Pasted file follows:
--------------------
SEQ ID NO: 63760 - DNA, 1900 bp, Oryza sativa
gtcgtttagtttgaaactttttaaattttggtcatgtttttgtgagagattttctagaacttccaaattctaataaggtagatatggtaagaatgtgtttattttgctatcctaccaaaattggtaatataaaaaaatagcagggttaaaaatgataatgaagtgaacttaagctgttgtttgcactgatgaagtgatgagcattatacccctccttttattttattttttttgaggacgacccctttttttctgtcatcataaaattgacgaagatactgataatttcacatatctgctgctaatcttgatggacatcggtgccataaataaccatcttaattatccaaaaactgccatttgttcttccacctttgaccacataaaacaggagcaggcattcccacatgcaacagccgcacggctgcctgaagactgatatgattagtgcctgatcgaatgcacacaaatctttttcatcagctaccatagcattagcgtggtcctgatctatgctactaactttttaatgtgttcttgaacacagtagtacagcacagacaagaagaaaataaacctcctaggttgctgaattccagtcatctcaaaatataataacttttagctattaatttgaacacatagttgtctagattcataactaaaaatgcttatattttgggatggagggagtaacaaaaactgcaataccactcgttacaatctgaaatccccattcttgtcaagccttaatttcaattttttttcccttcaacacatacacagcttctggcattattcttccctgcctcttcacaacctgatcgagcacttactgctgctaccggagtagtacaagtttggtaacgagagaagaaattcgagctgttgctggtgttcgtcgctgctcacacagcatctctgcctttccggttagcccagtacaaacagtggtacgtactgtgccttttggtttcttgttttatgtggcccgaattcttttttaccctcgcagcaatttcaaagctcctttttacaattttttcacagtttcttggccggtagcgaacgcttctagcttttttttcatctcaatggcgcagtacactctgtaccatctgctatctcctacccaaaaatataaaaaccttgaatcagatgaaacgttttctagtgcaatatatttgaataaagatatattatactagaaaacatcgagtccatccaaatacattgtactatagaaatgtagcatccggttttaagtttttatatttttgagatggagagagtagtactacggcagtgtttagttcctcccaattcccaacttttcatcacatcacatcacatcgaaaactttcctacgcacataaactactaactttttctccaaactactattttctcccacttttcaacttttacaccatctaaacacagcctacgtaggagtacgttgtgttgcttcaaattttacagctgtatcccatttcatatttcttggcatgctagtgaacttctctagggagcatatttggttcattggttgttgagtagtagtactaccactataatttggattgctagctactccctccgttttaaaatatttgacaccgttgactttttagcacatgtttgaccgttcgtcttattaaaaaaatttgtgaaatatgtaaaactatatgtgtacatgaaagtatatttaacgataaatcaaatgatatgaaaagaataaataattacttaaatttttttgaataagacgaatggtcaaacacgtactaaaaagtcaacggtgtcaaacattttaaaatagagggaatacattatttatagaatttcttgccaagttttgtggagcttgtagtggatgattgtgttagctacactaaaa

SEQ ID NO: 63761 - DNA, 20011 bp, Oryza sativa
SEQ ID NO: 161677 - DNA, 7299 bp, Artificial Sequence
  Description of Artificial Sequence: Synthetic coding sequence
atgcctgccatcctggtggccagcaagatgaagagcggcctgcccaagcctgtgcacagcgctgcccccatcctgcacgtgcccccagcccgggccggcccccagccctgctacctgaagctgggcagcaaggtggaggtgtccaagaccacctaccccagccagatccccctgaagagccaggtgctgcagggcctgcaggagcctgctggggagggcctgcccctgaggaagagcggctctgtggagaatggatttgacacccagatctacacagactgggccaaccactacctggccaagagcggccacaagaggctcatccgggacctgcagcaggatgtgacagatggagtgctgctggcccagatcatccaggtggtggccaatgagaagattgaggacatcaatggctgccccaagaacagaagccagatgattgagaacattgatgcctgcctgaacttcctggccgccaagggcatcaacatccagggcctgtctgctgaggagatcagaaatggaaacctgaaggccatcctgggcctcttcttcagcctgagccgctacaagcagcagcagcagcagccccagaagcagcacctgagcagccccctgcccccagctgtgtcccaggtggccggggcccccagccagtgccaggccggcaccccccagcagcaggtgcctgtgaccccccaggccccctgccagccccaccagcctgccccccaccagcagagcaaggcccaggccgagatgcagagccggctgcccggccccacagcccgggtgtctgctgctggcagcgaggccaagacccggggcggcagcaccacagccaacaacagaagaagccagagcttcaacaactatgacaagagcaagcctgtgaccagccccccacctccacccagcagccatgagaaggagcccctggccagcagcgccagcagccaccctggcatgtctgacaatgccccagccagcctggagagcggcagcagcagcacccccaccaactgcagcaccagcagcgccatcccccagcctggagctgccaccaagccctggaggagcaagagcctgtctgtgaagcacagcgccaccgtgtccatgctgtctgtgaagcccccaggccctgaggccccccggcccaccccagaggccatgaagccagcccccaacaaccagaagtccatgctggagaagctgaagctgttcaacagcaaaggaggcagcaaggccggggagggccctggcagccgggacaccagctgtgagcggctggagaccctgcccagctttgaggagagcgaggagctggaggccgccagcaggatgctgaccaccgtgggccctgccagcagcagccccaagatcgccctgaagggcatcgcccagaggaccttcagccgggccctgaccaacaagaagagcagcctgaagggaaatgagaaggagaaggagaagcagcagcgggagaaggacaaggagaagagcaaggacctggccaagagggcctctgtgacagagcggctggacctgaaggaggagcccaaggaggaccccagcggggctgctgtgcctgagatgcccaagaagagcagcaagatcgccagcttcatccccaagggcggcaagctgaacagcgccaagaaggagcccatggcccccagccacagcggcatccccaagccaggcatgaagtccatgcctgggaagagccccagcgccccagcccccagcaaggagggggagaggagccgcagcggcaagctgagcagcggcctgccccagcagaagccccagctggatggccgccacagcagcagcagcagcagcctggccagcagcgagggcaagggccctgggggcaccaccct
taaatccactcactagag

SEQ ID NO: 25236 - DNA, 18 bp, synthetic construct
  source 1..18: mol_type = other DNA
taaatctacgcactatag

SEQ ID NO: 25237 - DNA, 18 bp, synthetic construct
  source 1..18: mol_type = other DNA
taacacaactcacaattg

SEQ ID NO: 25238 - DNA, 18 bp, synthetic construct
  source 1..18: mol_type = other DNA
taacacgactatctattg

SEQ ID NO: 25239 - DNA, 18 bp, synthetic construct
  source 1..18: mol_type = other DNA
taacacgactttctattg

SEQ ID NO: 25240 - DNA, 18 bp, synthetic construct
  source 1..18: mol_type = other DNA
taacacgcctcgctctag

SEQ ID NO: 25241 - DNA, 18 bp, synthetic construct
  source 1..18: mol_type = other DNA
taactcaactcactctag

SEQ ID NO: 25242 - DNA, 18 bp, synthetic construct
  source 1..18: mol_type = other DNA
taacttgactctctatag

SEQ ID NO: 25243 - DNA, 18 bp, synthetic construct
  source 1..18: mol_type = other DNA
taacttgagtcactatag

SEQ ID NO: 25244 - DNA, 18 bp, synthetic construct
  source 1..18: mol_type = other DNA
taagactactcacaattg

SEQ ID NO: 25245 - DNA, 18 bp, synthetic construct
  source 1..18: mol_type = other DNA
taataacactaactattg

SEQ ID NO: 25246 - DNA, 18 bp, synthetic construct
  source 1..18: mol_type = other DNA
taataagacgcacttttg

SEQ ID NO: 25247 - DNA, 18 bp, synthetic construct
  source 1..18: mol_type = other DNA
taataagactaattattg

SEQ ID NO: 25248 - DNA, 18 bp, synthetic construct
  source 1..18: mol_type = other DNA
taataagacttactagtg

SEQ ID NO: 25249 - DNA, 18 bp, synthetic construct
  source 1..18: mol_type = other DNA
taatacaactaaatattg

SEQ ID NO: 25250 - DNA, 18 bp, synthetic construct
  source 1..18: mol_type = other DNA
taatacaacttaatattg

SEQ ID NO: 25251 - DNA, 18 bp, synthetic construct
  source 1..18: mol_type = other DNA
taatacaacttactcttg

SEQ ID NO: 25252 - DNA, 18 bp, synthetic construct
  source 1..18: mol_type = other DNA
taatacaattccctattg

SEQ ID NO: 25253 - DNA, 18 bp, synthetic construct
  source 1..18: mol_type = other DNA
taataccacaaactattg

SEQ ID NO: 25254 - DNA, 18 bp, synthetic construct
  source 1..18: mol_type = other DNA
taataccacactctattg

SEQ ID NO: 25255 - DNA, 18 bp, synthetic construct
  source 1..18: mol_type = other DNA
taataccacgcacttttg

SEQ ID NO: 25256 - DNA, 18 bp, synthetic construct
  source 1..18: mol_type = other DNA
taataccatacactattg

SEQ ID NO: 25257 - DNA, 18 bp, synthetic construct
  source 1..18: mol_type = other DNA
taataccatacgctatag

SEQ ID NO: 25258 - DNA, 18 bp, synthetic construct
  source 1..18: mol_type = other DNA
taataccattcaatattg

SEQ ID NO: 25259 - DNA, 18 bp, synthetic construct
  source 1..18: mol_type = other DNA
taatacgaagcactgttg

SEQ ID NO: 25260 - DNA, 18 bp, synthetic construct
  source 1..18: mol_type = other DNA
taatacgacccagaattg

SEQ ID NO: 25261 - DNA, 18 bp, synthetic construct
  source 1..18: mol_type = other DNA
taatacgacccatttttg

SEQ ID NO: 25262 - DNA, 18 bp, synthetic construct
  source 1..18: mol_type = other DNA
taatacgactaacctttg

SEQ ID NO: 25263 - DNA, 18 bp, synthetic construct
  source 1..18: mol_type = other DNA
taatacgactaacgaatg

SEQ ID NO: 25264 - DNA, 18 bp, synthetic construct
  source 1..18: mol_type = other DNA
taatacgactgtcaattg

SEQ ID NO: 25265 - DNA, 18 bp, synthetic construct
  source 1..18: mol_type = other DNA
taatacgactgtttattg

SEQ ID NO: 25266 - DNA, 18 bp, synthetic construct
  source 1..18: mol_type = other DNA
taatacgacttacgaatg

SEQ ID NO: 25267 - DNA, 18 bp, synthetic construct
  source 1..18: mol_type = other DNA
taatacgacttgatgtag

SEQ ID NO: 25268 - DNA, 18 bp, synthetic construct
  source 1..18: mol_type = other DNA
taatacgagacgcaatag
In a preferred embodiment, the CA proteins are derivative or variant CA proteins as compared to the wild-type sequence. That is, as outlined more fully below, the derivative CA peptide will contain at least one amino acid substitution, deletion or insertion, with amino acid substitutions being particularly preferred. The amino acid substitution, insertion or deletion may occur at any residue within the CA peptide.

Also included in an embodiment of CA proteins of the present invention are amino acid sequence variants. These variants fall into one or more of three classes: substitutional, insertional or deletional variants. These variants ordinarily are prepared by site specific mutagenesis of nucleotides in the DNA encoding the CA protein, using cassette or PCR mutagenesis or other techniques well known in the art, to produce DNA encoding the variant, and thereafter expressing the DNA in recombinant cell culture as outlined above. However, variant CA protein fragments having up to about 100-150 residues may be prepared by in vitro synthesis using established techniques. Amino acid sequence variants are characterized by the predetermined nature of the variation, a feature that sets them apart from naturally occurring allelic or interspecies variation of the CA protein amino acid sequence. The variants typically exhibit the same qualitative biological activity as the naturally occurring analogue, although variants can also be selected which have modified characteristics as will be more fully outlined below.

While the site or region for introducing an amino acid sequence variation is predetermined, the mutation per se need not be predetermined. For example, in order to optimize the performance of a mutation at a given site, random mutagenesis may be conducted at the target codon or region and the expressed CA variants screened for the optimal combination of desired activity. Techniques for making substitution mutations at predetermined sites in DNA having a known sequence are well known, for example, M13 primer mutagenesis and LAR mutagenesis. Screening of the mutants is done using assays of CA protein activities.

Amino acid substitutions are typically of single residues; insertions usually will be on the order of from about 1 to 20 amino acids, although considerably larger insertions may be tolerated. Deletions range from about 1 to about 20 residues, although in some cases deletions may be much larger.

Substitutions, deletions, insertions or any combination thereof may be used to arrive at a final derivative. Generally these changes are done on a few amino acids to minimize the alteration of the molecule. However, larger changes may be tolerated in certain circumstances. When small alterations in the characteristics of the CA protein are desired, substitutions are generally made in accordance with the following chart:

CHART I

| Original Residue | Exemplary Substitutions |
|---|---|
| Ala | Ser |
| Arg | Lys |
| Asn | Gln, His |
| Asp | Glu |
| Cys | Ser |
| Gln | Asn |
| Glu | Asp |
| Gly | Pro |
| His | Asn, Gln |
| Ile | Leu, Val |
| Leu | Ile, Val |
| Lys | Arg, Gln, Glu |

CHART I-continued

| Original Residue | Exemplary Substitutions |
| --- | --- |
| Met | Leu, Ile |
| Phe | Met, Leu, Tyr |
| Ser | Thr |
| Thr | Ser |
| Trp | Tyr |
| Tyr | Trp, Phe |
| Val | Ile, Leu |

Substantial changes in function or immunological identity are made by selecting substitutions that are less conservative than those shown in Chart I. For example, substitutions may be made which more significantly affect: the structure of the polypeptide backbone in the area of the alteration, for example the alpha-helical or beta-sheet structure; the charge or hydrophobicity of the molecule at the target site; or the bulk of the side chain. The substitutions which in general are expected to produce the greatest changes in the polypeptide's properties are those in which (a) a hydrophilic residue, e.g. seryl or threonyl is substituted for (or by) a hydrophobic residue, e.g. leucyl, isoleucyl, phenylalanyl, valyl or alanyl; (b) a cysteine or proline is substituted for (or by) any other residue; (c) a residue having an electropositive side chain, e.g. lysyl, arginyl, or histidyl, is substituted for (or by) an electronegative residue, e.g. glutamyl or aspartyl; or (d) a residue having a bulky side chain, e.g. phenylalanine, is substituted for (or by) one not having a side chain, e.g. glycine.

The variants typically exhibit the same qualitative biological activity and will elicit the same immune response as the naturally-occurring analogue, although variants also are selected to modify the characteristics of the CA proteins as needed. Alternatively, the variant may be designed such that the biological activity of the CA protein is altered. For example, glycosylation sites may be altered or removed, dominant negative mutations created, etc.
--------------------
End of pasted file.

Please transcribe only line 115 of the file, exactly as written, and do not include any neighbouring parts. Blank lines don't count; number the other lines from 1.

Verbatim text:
| Ala | Ser |